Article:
Uncle Tom’s 80 Songs

I was fascinated by the fact that this one record boasts *80* musical stories, games, and songs. 80 seemed like an awful lot. Then I realized, it takes about 10 seconds to sing “London Bridge,” so it makes sense that each cut on this record contains 3-4 songs. Anyway, probably because of the short attention spans, Uncle Tom (though he always introduces himself as Uncle DON), introduces every track by saying something like “hello there, this is Uncle Don. Let’s sing a song today, shall we”? Maybe Mom played only one track for Timmy every day. Or, maybe kids forget what they’re doing over the course of 3 minutes. Who knows?

The thing that makes this entire record the aural equivalent of a giant “bad touch” to me, though, is how Uncle Tom/Don giggles semi-maniacally throughout and after each track. I can’t decide if he’s being held at gunpoint and trying really really hard to sound jovial, or if he’s just totally insane. I completely dig his use of the word “humdinger,” though. Plus, there’s a song called “I Love My Pussy,” but unfortunately, my record is way too warped to record it. This record is so warped, in fact, that I can’t play side 2 at all because the warping is so high the record doesn’t even touch the spindle on that side.

So, put yourself in the shoes of a child on a rainy day who enjoys reading books in your perfectly-styled hair and pajamas, surrounded by candelabras and sinister looking sock puppets. The scary thing is that I have the very book that the children are so intently looking at– it the ~some company you wouldn’t expect~’s (Firestone tires?) Treasury of Folk Songs. He’s on the page that’s “Joy To the World.” I know because we used to sing from that book all the time when I was a kid, and I was obsessed with “The Battle Hymn of the Republic,” probably because of its images of trampling grapes and its verse about “John Brown’s Body lies a mould’ring in the grave” (I was a morbid kid).

Look at the lower left-hand corner of the album cover. Santa Claus is embarassed by the fact that they say “cock”, “ass”, “gay” and “pussy” on this record more than on a whole season of South Park!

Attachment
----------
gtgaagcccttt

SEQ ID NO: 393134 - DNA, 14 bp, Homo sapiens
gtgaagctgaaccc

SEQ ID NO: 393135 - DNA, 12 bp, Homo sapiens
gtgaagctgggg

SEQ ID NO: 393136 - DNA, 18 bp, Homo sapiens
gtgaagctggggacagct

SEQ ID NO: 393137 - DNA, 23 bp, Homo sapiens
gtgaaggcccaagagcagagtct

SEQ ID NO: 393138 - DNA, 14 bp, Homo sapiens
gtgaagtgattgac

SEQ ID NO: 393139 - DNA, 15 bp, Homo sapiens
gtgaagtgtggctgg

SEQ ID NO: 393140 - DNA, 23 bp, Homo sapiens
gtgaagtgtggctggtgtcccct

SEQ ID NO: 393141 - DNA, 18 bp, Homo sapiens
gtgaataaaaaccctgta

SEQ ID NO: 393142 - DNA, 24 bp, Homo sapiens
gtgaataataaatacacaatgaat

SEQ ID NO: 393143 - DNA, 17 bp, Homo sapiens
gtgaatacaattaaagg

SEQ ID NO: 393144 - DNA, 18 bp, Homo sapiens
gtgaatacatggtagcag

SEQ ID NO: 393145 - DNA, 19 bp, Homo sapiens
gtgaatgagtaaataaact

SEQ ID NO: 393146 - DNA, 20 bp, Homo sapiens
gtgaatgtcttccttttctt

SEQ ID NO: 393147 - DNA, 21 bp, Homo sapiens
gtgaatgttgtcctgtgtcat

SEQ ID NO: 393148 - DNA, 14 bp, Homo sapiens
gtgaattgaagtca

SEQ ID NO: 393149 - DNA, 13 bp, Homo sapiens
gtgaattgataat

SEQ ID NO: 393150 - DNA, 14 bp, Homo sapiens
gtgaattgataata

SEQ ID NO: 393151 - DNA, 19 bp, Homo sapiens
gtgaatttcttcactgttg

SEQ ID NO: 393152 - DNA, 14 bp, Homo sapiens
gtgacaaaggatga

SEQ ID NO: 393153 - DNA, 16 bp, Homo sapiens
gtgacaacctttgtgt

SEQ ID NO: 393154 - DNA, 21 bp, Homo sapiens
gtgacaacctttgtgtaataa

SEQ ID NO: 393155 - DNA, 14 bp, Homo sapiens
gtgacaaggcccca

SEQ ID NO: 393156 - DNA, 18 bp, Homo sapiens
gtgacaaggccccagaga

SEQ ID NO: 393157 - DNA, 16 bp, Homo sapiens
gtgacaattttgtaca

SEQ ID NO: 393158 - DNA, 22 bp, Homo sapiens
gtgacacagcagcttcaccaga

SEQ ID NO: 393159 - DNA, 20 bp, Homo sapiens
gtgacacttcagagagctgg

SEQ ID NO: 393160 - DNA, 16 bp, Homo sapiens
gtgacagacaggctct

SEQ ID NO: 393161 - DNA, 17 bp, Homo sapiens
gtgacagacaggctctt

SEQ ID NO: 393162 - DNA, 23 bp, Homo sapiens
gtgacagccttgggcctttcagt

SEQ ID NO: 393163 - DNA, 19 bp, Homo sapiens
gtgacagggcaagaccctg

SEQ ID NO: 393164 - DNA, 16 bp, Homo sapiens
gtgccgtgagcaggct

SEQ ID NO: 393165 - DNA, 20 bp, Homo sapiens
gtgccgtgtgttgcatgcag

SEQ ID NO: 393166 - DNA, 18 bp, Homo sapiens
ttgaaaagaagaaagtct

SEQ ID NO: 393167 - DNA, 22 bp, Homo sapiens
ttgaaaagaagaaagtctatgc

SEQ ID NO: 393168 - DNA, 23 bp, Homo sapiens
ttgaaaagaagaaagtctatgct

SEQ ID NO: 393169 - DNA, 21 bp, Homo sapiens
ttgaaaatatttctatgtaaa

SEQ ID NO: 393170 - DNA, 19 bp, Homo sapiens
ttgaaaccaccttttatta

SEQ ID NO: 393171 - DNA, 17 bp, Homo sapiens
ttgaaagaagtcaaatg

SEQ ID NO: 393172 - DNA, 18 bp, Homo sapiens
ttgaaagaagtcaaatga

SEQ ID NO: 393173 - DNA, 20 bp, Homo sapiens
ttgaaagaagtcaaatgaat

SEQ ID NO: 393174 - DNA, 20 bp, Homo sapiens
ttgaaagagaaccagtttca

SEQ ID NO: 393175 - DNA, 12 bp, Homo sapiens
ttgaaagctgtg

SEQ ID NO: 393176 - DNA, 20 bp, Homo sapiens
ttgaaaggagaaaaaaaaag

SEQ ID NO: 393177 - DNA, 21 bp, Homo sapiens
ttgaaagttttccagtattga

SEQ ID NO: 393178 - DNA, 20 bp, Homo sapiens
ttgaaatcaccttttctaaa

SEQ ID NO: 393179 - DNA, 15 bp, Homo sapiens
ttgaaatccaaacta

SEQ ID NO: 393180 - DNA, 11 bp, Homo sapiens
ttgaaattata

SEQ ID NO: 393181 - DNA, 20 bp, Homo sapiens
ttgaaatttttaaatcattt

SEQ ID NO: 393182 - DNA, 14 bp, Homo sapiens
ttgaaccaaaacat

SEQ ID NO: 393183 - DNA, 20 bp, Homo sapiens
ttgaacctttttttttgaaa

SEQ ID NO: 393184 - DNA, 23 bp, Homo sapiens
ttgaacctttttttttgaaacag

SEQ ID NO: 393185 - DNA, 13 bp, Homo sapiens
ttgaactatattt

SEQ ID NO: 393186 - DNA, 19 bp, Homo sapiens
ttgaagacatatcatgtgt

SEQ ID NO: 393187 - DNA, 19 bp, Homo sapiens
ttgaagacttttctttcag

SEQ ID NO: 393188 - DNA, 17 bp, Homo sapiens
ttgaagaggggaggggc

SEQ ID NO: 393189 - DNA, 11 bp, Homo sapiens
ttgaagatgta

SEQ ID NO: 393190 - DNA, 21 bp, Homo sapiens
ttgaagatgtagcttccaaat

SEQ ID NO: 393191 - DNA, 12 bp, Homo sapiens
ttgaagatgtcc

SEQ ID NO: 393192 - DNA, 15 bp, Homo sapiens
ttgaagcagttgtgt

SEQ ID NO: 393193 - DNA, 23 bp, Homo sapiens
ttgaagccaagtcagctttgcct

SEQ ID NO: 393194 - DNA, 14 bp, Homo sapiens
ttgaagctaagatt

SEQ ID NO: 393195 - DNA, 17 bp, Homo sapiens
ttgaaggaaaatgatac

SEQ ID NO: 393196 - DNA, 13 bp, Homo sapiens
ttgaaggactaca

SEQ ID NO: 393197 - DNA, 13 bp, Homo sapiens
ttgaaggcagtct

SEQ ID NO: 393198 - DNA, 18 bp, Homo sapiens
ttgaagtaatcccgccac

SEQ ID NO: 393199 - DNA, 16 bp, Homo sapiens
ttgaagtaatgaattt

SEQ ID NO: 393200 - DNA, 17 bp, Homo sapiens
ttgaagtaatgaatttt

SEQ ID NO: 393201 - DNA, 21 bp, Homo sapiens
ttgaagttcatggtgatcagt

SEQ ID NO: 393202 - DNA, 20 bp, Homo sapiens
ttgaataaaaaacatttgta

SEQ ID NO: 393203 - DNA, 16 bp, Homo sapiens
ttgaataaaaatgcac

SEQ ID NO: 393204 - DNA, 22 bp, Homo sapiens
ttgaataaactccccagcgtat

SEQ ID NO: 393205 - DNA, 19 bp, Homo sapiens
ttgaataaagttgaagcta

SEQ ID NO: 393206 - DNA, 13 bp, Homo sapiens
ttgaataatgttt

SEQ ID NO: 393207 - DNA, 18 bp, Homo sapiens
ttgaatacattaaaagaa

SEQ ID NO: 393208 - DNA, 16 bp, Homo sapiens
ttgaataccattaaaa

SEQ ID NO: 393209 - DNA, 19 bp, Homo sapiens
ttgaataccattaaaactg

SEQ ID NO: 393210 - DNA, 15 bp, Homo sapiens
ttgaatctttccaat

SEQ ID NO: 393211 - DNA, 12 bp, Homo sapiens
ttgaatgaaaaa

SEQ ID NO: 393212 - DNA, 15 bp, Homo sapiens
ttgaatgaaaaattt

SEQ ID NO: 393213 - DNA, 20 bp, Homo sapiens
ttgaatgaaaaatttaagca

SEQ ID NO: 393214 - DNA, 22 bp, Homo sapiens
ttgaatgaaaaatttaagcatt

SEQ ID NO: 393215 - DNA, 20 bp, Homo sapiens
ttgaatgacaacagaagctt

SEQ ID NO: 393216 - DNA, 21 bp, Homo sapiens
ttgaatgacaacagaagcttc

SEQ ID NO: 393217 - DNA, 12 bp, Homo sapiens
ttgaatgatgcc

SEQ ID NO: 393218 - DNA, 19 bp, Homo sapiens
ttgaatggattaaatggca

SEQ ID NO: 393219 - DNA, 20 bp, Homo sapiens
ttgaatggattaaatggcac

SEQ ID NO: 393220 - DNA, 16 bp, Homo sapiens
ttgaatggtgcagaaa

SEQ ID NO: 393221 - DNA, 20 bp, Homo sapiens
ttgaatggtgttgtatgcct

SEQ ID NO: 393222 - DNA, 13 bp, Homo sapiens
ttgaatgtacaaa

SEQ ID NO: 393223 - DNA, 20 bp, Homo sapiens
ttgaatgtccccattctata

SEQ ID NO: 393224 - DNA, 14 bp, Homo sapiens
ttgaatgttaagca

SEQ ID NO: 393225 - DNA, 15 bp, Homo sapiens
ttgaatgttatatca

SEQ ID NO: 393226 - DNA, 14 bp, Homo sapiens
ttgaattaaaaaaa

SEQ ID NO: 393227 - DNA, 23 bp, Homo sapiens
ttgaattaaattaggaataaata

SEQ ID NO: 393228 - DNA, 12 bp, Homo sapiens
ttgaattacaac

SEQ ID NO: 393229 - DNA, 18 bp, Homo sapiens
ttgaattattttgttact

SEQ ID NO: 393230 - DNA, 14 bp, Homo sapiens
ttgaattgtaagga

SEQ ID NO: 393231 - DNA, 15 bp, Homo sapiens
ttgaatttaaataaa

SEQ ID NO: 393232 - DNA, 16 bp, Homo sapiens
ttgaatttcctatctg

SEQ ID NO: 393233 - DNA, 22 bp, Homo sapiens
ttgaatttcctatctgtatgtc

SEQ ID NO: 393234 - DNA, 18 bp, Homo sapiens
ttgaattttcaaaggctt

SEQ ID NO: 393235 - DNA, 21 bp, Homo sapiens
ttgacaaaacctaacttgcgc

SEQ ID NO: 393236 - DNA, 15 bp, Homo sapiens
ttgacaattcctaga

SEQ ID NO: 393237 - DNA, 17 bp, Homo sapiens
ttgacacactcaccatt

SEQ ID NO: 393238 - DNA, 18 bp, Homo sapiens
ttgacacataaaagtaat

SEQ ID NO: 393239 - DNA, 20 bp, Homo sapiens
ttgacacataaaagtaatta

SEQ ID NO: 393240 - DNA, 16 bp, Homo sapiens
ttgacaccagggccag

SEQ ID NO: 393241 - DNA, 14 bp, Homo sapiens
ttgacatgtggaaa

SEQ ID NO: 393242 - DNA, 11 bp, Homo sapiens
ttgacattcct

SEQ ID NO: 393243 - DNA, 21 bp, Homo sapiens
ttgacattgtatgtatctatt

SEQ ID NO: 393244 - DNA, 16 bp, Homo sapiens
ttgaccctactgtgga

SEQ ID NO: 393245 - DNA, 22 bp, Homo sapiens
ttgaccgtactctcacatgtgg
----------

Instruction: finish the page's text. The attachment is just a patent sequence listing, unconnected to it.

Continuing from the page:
This track contains a fun little ditty about a man who gouged his eyes out on a thorn bush (Uncle Tom/Don explains why it’s funny at the end), a lesson in how domestic violence can be hilarious (as Punch and Judy have been demonstrating for hundreds of years), as well as a lengthy “This is the House that Jack Built”
domestic violence & other injuries

the Queen of Hearts tells children that stealing is wrong (“I Wouldn’t do that either, would you?”), while “The Sixpence” is a lesson in the joys of consumerism, matrimony, and fiscal responsiblity. Lastly, “The Vegetable Song” celebrates our unsung heroes– vegetables.
Materialism, singing to your food

This song is about “a funny little king” who lives on “Cannibal Isle.”
Margaret Mead is rolling over in her grave

A cool thing about this record is that each cut is *exactly* the same length:

He calls himself “Uncle Don” because that’s who he was. I used to have a 45 with “There Was a Man from Our Town,” which — even at age ten or so — I used to make fun of. And I reviled him as a fake, because I have an Uncle Don, and that wasn’t him.

This particular Uncle Don was a kiddie show host, and he’s most famous for something he probably never said. “This is your old Uncle Don saying ‘Goodnight’ — Goo-ood Ni-i-ight! We’re off? Good. That oughta hold the little bastards.” Demented ‘Blooper’ pixie Kermit Schafer thought this was a hilarious anecdote, so when he issued records of famous bloopers, he included a studio recreation of it by a soundalike. U.D. denied ever saying it, but thousands of people who bought the album (strenuously promoted on TV for what seemed like years) are convinced they heard him. I suppose he committed suicide by jumping into a bramble bush.

Damn. I haven’t heard “King of the cannibal island” since 5th grade. Damn.
Also, hangery wangery WTF?!?!